Posted . by jheaton

young man outdoorsAt some point in the last year or two, you lost a tooth. It wasn’t a fun experience, losing a part of your body that’s been with you forever, but sometimes these things happen. At least you have 27 more teeth to chew your food with, right? Not a big deal. There’s no pressing need to replace the tooth, you may think.

Except, as every dentist will tell you, it is a big deal. Losing one tooth is more than losing the function of that tooth. The loss of “just one tooth” can upset your alignment and initiate a cascade of changes in the way all of your teeth fit together. Losing “just one tooth” can lead to dysfunction in your temporomandibular (TMJ) joint and cause chronic headaches and neck pain. Losing “just one tooth” can put you on a path to losing more teeth, and so on. Call our Mesa, AZ dental office at 480-838-4185 to learn more about the risks associated with tooth loss.

What Happens When You Lose a Tooth

Here’s how it works. When your tooth was removed it left an empty space in your arch. Since teeth are not entirely fixed in their positions, over time the teeth next to the gap will start to drift toward the open space. Pretty soon, those teeth are no longer standing straight up and down, but are tilted at angles. When you bite down, those teeth don’t line up with your other teeth. They may crack against other teeth when you chew and stress the enamel in places that are not as strong. As a result of your now-improper tooth alignment, several teeth may develop small cracks that compromise the structure of your teeth and open the door for bacteria to get in.

Another thing that happens–when you lose a molar, especially–is that you may begin to favor one side of the mouth when you chew. This may be minor at first, and you may not even notice it. In time, this can lead to muscle fatigue and an imbalance in the facial muscles. Soon, all the parts that work together to open and close the jaw don’t fit together right and one side of your jaw may begin popping or clicking when you chew. Any dysfunction in the jaw joints can lead to TMJ dysfunction. This can cause chronic pain in the face, head, and neck. Ask anyone who has ever sought treatment for TMJ disorder, and they’ll tell you: it’s not fun.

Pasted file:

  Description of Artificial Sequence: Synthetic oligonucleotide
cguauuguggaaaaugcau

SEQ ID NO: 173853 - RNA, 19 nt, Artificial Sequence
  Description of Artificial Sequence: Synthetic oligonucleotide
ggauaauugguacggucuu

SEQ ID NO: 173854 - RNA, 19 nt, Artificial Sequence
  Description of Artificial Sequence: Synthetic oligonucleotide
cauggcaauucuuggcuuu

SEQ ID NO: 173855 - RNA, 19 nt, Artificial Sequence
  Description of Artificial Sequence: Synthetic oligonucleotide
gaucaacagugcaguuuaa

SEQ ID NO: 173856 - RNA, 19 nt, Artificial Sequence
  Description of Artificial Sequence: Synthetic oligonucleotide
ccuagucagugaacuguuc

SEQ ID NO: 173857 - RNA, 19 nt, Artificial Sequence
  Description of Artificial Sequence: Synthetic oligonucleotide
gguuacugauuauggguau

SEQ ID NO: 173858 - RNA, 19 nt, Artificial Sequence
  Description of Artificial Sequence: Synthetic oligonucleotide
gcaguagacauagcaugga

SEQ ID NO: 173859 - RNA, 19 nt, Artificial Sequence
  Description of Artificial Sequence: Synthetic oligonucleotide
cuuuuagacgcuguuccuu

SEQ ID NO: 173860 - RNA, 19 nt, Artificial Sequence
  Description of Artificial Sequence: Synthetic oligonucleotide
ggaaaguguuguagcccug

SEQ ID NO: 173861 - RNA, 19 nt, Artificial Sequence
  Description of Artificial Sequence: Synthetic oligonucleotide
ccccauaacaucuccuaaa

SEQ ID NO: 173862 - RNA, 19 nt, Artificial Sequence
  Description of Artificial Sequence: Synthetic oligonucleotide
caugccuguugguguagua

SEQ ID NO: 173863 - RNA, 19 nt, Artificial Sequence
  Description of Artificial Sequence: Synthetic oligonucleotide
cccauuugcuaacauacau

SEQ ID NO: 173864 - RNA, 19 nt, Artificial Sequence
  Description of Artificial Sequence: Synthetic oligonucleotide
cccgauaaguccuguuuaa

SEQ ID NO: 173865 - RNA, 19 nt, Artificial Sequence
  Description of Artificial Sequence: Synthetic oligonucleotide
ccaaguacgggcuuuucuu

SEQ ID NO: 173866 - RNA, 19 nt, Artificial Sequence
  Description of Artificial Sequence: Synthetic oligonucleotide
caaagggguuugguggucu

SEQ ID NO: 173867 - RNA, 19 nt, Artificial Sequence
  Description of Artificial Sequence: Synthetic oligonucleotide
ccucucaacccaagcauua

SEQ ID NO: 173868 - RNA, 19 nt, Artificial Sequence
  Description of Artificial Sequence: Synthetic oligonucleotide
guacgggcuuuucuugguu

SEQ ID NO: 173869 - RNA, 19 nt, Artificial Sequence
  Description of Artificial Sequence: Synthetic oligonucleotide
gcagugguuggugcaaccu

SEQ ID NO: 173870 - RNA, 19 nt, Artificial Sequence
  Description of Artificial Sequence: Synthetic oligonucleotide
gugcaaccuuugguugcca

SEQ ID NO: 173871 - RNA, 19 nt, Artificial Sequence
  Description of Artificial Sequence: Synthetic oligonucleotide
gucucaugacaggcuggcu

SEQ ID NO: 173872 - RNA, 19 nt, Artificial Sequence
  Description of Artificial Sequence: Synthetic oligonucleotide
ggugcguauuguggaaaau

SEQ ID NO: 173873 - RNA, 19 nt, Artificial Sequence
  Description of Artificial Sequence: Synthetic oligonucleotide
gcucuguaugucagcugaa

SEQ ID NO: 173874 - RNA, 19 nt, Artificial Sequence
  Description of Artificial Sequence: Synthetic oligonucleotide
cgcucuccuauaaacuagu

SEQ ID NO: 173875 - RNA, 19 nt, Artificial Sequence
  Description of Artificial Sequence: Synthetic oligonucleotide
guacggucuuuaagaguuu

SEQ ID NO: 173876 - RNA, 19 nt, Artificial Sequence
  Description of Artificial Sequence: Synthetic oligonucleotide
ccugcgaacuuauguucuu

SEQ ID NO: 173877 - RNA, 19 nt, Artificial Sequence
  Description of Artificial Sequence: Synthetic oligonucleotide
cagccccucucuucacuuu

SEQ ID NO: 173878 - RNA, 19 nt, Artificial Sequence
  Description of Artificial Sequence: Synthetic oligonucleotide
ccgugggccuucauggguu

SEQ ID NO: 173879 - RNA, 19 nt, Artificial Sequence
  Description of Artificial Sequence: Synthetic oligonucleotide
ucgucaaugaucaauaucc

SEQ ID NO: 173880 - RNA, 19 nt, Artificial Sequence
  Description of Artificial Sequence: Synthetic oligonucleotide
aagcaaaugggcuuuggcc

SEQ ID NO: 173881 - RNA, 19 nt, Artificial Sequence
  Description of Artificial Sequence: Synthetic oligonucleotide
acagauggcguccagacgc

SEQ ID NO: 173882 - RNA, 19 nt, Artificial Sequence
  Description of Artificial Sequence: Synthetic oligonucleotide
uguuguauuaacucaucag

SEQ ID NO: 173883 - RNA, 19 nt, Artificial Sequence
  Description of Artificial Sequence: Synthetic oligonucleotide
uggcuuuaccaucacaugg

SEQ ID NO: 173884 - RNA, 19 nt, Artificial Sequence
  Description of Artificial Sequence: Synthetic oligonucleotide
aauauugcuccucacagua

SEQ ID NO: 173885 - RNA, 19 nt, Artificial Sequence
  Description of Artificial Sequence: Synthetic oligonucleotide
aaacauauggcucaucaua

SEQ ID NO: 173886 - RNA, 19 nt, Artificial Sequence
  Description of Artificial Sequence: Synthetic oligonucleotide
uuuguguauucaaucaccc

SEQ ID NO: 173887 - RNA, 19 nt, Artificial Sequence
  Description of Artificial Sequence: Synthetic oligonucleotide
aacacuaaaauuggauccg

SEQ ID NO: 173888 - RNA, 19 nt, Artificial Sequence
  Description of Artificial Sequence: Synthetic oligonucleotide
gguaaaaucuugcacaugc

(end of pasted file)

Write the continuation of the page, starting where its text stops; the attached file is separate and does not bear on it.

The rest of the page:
Overall, not replacing a lost tooth makes you more likely to lose more teeth in the future. Pretty scary, right? Replacing that tooth will help you maintain the balanced state of alignment that has served you so well up until this point in your life. The good news is that you have options when it comes to tooth replacement.

A Dental Bridge

The traditional way to replace a single lost tooth (or two consecutive teeth) is a dental bridge. A dental bridge is a one-piece prosthetic that connects to the two teeth around the gap, with a false tooth (pontic) between them. It looks like a row of three (or four) false teeth, but the two “teeth” on the ends are actually dental crowns. The crowns that form the ends of the bridge are permanently attached to your teeth and the pontic sits where your lost tooth once sat. A dental bridge gives you a functional replacement for your missing tooth, and–best of all–a way to stabilize your teeth so they don’t drift into the open space.

A Dental Implant and Crown

A more modern and comprehensive treatment is a single dental implant and crown. Dental implants replace your natural tooth root with a small titanium post, which attaches to a full dental crown. Implants are considered the better of the two choices, because they are a free-standing tooth replacement that does not affect the teeth around them. Once the implant heals, the crown is permanently attached and looks natural in your arch. Many patients attest that their single implant and crown are so life-like that in a few years they completely forget that they ever lost a tooth in the first place. Its function, appearance, and feeling are no different from their natural tooth.

Which Tooth Replacement is Right for You?

Visit Desert Family Dental to learn more about tooth replacement. Dr. Scott Lee can help you determine which option is right for you. Call our Mesa, AZ dental office for a tooth replacement consultation, and we’ll help you understand the unique benefits of bridges and implants. Call us at 480-838-4185 to make an appointment.